This human relations period marked the advert of corporate leadership. Before it was only management and the progression has not stopped. The thinking of leaders like Peter Drucker became even of more importance in the seventies and eighties as they shaped the manager into a leader. Drucker once said, 'managers see that things are done right, while leaders see that the right things are done', quite a distinction. The new manager is required to be sensitive to the workers. He had to become conscious of how his own behaviour towards him can negatively affect their performance. The new manager had to be skilled in managing the now educated workers.

The millennium brought even greater challenges. The worker became so educated and informed. They became even more conscious of how they should be managed and led. The worker became a specialist in his own area and the manager cannot challenge them since he may not be a specialist. The worker became aware of his right and so ready to fight any threat to such. This is the time we are in now, the emancipated worker age, the knowledge worker age where workers require so much space to do what they trained with little interference. This places new requirements on the manager, which is to become a leader. The issue now is no longer on standard, the machines help achieve it. The challenge of today's leader is to keep people energetic, enthusiastic, committed and honest. A leader of today needs more people skills than have ever been demanded. The leader must be able to bring the best out of people; he must be a good motivator. With the command and control gone with the scientific management period, the leader of today depends on collaboration and cooperation of those he leaders. He had to be able to be a team builder and to foster helpful networks across the organisation. He should be a merchant of hope and keep people expecting and willing to work on that which they expect.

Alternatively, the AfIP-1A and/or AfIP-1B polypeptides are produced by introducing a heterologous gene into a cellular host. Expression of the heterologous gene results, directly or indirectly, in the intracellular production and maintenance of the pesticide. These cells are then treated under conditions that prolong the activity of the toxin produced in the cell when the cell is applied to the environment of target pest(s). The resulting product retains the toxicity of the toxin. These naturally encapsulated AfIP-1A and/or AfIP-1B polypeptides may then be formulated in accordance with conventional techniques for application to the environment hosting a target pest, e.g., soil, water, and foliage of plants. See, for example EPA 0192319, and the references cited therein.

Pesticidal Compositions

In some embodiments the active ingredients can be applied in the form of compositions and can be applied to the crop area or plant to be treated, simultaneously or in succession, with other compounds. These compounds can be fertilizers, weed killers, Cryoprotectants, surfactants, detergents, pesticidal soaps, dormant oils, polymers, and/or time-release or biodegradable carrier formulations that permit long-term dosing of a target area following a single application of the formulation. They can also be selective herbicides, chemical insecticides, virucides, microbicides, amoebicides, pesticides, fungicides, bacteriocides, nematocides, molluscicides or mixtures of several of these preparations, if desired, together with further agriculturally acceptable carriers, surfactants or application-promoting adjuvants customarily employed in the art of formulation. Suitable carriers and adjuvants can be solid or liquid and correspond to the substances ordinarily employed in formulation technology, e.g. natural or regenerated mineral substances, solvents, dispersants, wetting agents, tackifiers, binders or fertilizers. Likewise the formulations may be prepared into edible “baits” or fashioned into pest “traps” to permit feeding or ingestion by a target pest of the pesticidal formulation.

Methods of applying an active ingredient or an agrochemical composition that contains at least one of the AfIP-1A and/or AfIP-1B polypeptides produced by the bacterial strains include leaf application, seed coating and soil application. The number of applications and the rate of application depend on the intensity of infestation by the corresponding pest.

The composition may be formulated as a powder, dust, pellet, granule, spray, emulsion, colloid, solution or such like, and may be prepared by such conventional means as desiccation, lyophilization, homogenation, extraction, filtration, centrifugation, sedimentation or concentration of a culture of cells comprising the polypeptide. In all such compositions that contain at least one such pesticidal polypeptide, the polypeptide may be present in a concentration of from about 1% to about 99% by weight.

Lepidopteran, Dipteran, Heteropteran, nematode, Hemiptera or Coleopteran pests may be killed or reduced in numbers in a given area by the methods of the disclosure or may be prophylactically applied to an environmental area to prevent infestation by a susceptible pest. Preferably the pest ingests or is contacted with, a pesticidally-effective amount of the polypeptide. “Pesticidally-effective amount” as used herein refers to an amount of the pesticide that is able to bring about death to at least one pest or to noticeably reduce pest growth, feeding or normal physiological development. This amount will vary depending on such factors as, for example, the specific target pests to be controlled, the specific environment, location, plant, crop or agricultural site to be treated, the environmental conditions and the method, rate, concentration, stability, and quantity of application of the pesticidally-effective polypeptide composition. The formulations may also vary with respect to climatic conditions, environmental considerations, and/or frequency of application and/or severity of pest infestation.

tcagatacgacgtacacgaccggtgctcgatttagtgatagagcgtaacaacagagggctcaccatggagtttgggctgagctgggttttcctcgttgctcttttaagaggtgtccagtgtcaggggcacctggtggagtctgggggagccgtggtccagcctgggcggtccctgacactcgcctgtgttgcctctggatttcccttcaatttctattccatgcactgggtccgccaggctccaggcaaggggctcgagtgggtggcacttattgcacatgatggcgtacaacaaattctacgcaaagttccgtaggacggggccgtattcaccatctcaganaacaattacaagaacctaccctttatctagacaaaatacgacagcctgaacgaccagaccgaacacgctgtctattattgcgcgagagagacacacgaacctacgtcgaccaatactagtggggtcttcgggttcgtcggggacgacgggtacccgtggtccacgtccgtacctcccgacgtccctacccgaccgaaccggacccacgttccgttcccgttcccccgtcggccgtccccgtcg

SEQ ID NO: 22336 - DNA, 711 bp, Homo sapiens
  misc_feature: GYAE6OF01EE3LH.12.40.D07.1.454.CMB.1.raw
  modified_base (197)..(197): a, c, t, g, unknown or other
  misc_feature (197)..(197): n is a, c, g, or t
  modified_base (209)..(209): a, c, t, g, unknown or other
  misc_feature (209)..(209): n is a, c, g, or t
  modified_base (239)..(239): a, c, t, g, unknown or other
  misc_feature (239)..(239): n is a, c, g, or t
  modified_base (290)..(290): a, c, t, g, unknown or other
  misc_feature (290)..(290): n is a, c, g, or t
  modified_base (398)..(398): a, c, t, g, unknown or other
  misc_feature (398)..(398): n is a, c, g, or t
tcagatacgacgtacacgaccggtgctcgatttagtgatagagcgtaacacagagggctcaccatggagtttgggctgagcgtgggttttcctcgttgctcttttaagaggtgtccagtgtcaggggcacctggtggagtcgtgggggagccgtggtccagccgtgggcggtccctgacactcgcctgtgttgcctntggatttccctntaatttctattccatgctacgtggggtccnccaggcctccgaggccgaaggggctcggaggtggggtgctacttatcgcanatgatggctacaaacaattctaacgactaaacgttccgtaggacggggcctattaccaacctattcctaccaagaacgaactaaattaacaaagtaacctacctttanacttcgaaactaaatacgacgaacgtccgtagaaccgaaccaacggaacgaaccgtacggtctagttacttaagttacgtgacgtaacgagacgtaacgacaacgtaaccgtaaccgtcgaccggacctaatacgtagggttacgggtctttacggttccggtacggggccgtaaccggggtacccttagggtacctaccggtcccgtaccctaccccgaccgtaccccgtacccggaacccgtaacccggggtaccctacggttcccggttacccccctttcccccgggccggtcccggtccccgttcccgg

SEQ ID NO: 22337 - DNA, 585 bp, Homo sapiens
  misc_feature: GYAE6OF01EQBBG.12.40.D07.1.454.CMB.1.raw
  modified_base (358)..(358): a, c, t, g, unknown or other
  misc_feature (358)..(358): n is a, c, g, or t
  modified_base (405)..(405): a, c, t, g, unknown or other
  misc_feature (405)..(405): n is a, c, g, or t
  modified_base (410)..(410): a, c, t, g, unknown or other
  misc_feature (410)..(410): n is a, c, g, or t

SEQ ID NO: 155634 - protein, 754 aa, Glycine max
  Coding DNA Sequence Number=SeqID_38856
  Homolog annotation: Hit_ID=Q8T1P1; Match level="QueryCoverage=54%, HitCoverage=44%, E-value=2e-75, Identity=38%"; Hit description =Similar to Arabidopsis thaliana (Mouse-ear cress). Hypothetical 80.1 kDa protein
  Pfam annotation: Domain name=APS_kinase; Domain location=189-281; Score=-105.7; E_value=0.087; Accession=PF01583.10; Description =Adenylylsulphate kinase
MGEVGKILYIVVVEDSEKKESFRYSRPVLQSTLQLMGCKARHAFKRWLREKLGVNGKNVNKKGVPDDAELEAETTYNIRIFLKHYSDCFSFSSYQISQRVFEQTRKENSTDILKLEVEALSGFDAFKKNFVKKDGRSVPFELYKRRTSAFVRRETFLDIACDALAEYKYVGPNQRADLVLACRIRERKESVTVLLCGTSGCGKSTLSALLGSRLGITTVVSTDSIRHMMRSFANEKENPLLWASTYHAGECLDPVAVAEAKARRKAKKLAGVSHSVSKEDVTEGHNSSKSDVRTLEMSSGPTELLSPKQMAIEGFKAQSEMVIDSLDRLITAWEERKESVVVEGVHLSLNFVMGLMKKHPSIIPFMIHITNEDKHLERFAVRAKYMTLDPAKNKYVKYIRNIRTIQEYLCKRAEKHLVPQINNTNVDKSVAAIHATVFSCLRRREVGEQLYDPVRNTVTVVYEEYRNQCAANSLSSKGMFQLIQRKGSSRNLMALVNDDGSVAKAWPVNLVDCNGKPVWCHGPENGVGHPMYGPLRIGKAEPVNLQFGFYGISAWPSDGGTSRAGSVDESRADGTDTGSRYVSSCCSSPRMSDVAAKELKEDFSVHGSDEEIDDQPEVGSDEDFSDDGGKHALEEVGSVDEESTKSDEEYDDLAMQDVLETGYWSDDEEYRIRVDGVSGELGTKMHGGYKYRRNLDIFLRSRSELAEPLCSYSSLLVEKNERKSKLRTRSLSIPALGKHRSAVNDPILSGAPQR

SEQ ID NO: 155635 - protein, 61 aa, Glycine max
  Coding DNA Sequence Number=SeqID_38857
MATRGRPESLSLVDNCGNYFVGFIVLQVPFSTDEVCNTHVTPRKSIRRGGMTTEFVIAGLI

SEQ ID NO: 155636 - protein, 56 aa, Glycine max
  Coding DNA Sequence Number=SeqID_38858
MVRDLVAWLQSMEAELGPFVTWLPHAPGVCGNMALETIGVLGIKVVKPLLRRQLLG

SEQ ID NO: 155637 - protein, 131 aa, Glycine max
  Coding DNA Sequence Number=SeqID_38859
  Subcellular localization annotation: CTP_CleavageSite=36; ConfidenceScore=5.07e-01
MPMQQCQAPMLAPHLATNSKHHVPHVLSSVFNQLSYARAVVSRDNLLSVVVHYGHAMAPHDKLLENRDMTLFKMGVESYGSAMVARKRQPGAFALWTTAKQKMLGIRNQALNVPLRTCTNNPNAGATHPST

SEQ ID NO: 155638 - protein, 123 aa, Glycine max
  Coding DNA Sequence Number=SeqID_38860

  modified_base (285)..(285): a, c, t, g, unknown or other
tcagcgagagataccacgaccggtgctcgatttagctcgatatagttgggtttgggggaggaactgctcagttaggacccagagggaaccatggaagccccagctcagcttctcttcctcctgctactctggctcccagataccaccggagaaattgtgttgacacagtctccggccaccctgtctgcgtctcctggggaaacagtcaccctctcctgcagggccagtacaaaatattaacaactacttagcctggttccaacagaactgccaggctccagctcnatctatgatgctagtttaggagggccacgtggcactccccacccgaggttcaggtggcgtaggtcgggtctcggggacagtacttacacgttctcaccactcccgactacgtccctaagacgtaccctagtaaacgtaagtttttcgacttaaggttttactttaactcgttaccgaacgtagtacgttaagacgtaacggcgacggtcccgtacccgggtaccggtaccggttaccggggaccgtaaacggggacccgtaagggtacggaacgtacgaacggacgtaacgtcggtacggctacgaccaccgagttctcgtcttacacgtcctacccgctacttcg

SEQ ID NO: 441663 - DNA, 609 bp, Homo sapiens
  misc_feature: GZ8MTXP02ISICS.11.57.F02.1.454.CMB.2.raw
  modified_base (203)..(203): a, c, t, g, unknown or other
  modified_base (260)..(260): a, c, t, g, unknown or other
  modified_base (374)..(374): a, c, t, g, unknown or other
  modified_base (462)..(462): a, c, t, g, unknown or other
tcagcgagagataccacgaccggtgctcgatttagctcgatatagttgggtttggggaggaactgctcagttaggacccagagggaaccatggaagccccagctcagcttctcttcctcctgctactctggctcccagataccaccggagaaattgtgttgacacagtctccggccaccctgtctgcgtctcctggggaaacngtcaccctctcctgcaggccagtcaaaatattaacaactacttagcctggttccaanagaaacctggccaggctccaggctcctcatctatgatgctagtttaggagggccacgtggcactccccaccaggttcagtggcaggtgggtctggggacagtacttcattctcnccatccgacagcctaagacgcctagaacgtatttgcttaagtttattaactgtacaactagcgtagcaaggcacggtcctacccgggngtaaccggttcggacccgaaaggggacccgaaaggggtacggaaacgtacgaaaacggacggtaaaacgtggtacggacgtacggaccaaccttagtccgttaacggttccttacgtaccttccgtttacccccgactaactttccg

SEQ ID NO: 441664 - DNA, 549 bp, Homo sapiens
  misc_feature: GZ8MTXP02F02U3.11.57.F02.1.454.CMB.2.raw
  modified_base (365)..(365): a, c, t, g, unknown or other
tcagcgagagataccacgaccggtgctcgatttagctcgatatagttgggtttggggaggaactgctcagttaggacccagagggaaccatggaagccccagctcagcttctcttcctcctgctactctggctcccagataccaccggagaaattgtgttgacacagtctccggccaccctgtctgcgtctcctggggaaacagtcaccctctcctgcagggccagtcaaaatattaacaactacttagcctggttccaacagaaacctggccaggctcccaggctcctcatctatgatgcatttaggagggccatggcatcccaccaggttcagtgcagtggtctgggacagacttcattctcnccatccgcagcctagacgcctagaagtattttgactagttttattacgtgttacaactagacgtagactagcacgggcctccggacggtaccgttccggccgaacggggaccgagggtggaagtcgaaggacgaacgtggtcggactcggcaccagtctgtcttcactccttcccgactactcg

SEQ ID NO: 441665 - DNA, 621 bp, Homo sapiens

In your practice of leadership today, take note of these and be the model twenty first century leader who knows leadership is about people. Be the best leader you know, just be the best.

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Management with system & people
Shyamal Ghosh | Wed Feb 20 05:31:43 2013
The management theory as developed by the philosophers were well accepted by the people to run the system but, with change in the business environment, the business scenario has been becoming more volatile with competition increasing exponentially, lesser business ethics, high financial risk, change in the environmental requirement, the management theory needs deep scrutiny and review. The management system is required to be developed by involving all section of the people in the organization and this system will able to drive the business organization to achieve the objective. There is also need to continue the improvement of the system to achieve uniform growth for the organization . It is also important to integrate all the business systems under one banner and it is suggested to have Quality Management System as mother system and bring all the other functional systems ( like Strategic / Portfolio / marketing / production/ Finance / project / purchase management system ) under the umbrella of Quality management system for unidirectional focus of growth and improvement .